Rehousing Chinese Scrolls
Some objects in the museum’s collection need very specialized types of care and handling. During our 2009-2011 IMLS Grant to digitize the ancient and world cultures collections, we photographed the Asian scrolls, and realized that many were fragile and being stored improperly. One important aspect of storing scrolls is that the weight should ideally be placed on the handles and not on the scroll itself. Too much weight being placed on the scroll can lead to folds and creases in the painting when the scroll is unrolled. Here are some guidelines for the proper handling of scrolls from the Weissman Preservation Center. There are also some interesting videos on the proper handling of scrolls at the Freer/Sackler Smithsonian’s Museum of Asian Art’s website.
The scrolls at WCMA were originally stored in a drawer all together.
You can see in the picture how the weight is being placed on the whole length of the scroll instead of just on the handles. I ordered some archival boxes to fix the problem.
I also printed out pictures of how the scroll looks when unrolled, like shoe boxes in a shoe store, the images attached to the boxes make it less likely that the scrolls will be handled more than absolutely necessary.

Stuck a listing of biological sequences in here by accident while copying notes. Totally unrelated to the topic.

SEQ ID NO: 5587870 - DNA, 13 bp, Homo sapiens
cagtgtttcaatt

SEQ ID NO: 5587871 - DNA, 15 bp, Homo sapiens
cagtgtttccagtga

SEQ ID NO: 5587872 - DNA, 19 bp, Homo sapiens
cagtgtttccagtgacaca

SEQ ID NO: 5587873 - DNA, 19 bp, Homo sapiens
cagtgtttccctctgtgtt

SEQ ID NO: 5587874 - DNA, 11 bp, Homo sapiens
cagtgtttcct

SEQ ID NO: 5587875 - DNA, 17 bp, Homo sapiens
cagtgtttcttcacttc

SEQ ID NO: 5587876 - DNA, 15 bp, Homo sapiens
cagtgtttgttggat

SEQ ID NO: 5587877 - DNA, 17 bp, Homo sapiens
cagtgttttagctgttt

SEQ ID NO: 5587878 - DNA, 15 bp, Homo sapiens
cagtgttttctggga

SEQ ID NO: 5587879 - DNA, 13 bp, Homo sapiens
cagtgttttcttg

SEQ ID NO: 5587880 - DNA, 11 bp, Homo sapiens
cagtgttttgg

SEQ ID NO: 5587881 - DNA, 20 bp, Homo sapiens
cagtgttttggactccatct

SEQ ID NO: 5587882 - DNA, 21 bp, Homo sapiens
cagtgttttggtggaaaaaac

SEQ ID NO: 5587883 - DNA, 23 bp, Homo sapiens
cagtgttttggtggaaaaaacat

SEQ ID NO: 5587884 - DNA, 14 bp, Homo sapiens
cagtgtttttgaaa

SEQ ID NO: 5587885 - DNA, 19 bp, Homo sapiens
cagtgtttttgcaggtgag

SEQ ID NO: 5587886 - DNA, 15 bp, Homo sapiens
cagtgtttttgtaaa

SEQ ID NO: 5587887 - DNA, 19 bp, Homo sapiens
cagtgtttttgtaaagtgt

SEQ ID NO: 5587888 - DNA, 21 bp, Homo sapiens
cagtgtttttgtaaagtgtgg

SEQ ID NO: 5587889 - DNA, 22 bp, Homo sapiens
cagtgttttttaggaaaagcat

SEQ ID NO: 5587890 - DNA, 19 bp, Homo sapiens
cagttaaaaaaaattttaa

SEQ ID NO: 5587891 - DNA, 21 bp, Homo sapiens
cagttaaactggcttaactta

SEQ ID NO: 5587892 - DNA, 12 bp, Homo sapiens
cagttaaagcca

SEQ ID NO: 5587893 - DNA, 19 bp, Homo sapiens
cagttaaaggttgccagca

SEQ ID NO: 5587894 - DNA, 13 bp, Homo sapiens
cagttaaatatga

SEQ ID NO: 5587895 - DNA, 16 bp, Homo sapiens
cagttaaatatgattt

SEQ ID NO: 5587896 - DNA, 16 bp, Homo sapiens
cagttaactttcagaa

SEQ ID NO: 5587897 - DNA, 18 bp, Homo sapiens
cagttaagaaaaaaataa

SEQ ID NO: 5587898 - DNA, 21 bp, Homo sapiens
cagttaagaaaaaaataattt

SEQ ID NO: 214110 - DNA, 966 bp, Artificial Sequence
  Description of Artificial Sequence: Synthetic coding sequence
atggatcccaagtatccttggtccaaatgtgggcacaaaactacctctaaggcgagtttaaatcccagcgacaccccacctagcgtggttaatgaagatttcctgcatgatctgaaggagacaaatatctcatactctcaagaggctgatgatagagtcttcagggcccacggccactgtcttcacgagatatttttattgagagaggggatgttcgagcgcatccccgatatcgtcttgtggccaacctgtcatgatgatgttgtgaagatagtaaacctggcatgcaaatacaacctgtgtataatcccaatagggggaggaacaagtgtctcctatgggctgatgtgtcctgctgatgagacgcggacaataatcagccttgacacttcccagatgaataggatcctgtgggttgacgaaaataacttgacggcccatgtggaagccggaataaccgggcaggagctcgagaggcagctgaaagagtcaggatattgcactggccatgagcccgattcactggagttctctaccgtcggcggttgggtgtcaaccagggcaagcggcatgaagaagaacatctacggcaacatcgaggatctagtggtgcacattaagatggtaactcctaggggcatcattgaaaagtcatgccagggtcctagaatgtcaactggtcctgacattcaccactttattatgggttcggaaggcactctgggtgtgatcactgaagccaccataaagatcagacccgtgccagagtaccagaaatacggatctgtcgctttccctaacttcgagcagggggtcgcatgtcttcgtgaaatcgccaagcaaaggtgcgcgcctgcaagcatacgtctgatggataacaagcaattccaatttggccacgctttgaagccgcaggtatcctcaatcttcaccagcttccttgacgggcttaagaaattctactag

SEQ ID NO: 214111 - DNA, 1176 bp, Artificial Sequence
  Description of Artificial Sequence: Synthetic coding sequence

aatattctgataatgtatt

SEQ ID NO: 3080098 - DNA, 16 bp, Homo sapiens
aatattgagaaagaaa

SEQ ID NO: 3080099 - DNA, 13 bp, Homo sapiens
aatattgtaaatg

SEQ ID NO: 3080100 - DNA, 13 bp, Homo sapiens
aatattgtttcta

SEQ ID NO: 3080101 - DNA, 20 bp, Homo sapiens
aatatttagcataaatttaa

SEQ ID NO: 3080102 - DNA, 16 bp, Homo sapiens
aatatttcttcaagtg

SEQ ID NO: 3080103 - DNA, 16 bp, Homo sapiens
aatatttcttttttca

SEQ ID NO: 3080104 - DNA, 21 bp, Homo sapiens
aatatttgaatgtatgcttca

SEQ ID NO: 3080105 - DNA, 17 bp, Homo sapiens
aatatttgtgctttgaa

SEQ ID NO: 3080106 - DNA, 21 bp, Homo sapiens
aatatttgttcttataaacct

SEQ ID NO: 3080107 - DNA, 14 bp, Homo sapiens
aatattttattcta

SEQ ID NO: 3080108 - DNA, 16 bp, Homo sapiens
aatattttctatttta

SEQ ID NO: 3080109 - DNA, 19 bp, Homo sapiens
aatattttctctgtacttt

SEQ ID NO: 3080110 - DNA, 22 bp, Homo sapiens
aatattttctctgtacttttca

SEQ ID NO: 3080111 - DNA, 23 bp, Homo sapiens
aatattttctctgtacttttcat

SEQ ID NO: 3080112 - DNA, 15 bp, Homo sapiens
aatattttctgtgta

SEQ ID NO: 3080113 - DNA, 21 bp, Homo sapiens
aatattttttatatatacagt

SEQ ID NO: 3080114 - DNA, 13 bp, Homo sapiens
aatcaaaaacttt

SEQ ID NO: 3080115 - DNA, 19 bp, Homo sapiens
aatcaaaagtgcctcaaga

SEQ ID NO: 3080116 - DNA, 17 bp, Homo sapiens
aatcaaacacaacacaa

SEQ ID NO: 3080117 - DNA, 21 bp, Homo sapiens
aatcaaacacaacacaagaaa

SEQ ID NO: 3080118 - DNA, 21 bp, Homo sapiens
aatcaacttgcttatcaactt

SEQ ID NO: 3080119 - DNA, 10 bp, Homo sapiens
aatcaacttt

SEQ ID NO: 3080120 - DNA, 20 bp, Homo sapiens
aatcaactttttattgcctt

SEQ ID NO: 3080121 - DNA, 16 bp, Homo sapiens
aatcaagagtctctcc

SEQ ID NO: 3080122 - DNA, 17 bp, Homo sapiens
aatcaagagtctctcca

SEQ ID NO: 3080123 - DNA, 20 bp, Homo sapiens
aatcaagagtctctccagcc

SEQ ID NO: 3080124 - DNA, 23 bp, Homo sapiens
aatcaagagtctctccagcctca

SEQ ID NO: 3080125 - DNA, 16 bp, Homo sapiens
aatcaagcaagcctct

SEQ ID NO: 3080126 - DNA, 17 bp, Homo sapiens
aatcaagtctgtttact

I also printed out the label information for each scroll including the artist, medium, museum accession number, and title and placed the labels on the sides of the boxes so that they will be easily viewed when the scrolls are all on the shelf together.
I fit the boxes on shelves and stacked them in places where other boxes couldn’t fit, essentially creating a whole new open drawer. This new drawer has taken some pressure off other packed storage spaces and now holds some over sized prints including our interesting and fragile World War I poster collection. It is important for fragile, ancient pieces to be treated in a way that promotes stability, keeping them in good condition so the scrolls can be used in classes, exhibitions and enjoyed aesthetically for many years to come.
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